by the server with server generated randomness [RFC 1750] to derive by the server with server generated randomness [RFC 1750] to derive
the keying material to be used. The KEY RR that appears in the query the keying material to be used. The KEY RR that appears in the query
need not be accompanied by a SIG(KEY) RR. If the query is need not be accompanied by a SIG(KEY) RR. If the query is
authenticated by the resolver with a TSIG RR [draft-ietf- authenticated by the resolver with a TSIG RR [draft-ietf-dnsext-
{dnsind|dnsext}-tsig-*.txt] or SIG(0) RR and that authentication is tsig-*.txt] or SIG(0) RR and that authentication is verified, then
verified, then any SIG(KEY) provided in the query SHOULD be ignored. any SIG(KEY) provided in the query SHOULD be ignored. The KEY RR in
The KEY RR in such a query SHOULD have a name that corresponds to the such a query SHOULD have a name that corresponds to the resolver but
resolver but it is only essential that it be a public key for which it is only essential that it be a public key for which the resolver
the resolver has the corresponding private key so it can decrypt the has the corresponding private key so it can decrypt the response
response data. data.
The server response contains a TKEY RR in its answer section with the The server response contains a TKEY RR in its answer section with the
server assigned mode and echoes the KEY RR provided in the query in server assigned mode and echoes the KEY RR provided in the query in
its additional information section. its additional information section.
If the reponse TKEY error field is zero, the key data portion of the If the reponse TKEY error field is zero, the key data portion of the
response TKEY RR will be the server assigned keying data encrypted response TKEY RR will be the server assigned keying data encrypted
under the public key in the resolver provided KEY RR. In this case, under the public key in the resolver provided KEY RR. In this case,
the owner name of the answer TKEY RR will be the server assigned name the owner name of the answer TKEY RR will be the server assigned name
of the key. of the key.
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material must be encrypted under a server key for protection in material must be encrypted under a server key for protection in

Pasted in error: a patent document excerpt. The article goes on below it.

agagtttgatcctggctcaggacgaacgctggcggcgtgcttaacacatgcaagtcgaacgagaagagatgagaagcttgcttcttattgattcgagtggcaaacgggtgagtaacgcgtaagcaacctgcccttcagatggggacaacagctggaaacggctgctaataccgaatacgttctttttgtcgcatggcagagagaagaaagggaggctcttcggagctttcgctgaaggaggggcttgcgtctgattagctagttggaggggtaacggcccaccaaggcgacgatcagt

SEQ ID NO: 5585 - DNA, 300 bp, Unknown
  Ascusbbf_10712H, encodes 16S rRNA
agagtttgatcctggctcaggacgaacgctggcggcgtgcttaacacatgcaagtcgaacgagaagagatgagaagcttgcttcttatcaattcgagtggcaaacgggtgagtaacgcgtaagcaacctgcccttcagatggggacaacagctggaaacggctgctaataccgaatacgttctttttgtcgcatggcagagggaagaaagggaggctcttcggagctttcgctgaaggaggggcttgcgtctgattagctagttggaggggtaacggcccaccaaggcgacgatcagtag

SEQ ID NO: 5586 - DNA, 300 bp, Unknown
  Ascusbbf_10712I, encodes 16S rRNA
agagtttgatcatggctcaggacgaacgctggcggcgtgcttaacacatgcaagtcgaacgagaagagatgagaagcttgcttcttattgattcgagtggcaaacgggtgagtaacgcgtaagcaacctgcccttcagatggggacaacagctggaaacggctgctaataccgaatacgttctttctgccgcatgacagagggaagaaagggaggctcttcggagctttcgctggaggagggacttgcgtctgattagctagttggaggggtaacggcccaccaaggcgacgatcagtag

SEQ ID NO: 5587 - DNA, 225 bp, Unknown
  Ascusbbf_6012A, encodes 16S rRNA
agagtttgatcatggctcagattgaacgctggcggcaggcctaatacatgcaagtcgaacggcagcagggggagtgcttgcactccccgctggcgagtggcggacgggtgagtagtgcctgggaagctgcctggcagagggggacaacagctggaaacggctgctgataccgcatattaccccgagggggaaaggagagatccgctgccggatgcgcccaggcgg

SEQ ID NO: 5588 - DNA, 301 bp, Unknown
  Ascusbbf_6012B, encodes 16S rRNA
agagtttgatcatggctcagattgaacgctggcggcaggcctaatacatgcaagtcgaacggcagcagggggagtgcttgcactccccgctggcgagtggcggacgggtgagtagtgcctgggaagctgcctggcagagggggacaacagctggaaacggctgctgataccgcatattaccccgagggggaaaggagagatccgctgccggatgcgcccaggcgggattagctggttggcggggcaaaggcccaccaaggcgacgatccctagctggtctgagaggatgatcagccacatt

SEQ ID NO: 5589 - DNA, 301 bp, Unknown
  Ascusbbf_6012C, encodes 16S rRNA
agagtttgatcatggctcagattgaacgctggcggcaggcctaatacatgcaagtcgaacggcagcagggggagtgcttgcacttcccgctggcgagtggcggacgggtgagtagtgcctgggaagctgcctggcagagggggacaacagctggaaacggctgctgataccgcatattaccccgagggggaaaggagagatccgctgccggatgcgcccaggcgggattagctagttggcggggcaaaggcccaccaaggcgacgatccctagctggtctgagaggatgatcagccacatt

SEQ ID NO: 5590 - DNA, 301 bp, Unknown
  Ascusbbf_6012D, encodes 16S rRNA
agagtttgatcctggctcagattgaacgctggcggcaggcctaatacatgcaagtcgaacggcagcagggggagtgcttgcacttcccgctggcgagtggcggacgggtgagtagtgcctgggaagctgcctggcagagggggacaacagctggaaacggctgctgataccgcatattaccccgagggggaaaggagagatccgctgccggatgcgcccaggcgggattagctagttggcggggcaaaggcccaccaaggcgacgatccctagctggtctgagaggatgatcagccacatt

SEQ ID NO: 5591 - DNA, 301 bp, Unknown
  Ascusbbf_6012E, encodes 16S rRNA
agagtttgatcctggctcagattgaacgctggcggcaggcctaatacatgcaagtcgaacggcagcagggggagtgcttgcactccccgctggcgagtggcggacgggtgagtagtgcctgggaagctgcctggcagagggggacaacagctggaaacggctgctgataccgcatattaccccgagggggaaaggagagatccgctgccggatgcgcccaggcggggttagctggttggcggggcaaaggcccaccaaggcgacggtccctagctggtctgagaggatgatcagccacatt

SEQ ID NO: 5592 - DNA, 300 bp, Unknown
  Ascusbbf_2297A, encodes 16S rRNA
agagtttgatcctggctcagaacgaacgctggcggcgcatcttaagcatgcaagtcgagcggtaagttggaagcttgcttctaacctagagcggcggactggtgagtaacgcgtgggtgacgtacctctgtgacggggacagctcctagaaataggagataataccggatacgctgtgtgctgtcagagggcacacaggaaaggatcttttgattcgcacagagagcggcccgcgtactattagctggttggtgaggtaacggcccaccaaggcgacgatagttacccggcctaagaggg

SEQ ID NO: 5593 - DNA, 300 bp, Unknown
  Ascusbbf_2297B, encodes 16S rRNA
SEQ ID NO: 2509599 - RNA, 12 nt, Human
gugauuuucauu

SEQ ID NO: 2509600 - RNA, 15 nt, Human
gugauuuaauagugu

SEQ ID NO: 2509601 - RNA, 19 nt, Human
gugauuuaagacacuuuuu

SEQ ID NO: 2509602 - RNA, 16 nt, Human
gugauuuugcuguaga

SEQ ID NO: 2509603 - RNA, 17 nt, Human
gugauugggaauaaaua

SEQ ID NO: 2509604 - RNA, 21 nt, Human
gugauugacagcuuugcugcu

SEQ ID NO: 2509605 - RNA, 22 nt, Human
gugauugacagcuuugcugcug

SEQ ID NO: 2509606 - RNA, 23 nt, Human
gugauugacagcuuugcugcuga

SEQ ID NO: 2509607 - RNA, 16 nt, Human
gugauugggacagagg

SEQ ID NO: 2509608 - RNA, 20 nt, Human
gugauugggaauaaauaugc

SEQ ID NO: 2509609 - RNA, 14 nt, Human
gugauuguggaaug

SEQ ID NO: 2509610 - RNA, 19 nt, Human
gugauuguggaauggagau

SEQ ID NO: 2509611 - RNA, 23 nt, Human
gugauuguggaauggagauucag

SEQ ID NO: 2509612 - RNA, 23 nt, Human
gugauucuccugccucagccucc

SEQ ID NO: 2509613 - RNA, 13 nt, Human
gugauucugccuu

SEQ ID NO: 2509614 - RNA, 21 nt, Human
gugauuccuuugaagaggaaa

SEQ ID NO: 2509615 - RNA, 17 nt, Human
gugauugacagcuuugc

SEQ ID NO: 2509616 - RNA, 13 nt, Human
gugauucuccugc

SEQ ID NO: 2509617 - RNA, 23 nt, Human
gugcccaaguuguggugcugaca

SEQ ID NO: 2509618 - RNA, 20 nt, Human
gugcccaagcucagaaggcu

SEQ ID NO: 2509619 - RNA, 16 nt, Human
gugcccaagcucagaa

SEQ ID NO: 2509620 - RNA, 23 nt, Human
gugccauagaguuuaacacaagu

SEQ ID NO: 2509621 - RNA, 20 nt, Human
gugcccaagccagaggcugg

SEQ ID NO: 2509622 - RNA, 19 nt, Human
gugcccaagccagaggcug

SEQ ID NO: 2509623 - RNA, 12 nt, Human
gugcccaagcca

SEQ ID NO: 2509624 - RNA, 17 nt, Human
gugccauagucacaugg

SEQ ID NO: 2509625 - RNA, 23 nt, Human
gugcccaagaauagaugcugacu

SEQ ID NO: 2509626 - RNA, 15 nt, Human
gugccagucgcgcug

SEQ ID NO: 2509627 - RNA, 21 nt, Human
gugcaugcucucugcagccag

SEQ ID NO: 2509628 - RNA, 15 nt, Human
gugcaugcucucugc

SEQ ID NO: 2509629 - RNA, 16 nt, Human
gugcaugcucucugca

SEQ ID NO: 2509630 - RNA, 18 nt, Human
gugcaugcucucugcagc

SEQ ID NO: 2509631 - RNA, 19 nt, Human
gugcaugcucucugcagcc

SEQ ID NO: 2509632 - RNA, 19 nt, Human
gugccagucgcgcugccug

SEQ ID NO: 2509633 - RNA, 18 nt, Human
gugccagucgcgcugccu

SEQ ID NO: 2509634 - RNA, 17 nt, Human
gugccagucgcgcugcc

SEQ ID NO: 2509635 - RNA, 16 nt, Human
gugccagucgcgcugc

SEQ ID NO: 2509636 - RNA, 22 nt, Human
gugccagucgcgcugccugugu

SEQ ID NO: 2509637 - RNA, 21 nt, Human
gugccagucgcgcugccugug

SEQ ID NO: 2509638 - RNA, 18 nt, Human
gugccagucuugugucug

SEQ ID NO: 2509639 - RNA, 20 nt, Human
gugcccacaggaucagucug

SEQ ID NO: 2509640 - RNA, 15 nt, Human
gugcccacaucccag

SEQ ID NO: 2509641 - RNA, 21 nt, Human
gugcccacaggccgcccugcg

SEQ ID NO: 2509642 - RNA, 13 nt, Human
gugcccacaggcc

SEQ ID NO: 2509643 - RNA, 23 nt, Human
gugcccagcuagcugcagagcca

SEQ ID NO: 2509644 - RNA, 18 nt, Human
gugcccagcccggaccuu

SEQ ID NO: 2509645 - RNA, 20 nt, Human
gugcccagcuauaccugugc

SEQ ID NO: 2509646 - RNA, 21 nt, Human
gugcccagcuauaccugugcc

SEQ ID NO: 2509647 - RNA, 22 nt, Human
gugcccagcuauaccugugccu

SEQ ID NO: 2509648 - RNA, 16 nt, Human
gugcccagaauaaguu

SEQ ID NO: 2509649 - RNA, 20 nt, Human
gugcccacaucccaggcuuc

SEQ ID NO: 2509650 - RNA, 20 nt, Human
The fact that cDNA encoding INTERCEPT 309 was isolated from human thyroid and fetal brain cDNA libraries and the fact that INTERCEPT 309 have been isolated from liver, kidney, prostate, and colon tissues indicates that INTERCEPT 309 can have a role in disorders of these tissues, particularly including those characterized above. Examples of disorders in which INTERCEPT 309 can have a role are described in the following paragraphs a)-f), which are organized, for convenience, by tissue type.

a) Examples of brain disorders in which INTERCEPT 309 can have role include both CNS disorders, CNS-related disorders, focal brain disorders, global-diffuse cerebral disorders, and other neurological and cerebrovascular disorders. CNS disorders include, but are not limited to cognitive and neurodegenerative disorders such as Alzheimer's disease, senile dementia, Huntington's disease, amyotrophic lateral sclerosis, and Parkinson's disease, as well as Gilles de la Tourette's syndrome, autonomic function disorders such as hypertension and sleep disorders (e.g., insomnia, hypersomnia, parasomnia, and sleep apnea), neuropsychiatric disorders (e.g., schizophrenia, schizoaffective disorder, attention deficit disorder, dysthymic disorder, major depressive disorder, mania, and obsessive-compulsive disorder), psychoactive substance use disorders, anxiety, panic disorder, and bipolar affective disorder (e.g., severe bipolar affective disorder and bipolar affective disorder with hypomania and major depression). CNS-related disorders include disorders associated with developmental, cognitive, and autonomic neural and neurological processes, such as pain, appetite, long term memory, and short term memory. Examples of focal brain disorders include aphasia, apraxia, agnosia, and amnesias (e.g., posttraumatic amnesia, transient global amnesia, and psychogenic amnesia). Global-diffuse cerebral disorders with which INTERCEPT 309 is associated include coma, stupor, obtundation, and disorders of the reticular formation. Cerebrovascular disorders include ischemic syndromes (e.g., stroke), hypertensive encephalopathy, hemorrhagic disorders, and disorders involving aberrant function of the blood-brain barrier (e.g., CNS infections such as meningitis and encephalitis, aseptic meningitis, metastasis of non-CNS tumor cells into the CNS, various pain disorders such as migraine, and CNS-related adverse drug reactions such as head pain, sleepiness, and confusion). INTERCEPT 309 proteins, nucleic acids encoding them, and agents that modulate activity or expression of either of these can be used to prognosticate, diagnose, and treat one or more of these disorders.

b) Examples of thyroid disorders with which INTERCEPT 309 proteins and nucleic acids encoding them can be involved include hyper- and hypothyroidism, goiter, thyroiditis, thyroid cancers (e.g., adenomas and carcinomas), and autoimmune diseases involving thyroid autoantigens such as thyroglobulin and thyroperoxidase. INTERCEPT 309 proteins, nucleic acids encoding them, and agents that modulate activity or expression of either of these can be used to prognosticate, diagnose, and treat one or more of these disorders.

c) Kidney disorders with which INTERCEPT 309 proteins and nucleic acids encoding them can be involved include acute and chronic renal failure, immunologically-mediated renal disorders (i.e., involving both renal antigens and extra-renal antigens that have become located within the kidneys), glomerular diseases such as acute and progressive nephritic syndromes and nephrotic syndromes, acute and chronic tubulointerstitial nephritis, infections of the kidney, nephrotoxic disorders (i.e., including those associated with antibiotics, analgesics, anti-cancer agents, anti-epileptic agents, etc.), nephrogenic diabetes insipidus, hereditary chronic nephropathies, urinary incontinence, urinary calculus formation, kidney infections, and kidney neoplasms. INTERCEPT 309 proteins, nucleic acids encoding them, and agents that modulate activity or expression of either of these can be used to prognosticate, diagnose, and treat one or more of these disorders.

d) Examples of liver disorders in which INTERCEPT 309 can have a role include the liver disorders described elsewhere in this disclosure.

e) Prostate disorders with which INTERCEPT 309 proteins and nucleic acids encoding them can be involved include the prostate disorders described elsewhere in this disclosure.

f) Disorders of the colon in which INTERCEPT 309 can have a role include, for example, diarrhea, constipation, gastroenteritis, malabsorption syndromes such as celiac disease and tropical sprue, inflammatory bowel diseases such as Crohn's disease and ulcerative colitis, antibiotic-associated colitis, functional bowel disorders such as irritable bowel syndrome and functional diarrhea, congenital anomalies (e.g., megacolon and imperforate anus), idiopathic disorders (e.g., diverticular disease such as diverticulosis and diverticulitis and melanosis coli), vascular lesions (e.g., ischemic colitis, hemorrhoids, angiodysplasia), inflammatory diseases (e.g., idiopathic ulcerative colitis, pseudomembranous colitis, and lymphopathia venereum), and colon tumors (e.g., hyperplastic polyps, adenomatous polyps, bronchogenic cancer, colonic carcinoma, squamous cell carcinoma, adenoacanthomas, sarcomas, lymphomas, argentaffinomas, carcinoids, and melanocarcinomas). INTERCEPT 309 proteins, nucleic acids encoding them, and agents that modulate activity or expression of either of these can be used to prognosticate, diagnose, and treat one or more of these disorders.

transmission as described in Section 6. transmission as described in Section 6.
The resolver sends a TKEY query with a TKEY RR that specifies the The resolver sends a TKEY query with a TKEY RR that specifies the
encrypted keying material and a KEY RR specifying the server public encrypted keying material and a KEY RR specifying the server public
key used to encrypt the data, both in the additional information key used to encrypt the data, both in the additional information
section. The name of the key and the keying data are completely section. The name of the key and the keying data are completely
controlled by the sending resolver so a globally unique key name controlled by the sending resolver so a globally unique key name
SHOULD be used. The KEY RR used MUST be one for which the server has SHOULD be used. The KEY RR used MUST be one for which the server has
the corresponding private key, or it will not be able to decrypt the the corresponding private key, or it will not be able to decrypt the
keying material and will return a FORMERR, and no untrusted party keying material and will return a FORMERR, and for which no untrusted
(preferably no other party than the server) has the private key, or party (preferably no other party than the server) has the private
the untrusted private key holder can capture the messages to the key, or the untrusted private key holder can capture the messages to
server, learn the shared secret, and spoof valid TSIGs. the server, learn the shared secret, and spoof valid TSIGs.
The query TKEY RR inception and expiry give the time period the The query TKEY RR inception and expiry give the time period the
querier intends to consider the keying material valid. The server querier intends to consider the keying material valid. The server
can return a lesser time interval to advise that it will not maintain can return a lesser time interval to advise that it will not maintain
state for that long and can pre-expire keys in any case. state for that long and can pre-expire keys in any case.
This mode of query MUST be authenticated with a TSIG or SIG(0). This mode of query MUST be authenticated with a TSIG or SIG(0).
Otherwise, an attacker can forge a resolver assigned TKEY query, and Otherwise, an attacker can forge a resolver assigned TKEY query, and
thereby the attacker could specify a shared secret key that would be thereby the attacker could specify a shared secret key that would be
accepted, used, and honored by the server. accepted, used, and honored by the server.
5. Spontaneous Server Inclusion 5. Spontaneous Server Inclusion
A DNS server may include a TKEY RR spontaneously as additional A DNS server may include a TKEY RR spontaneously as additional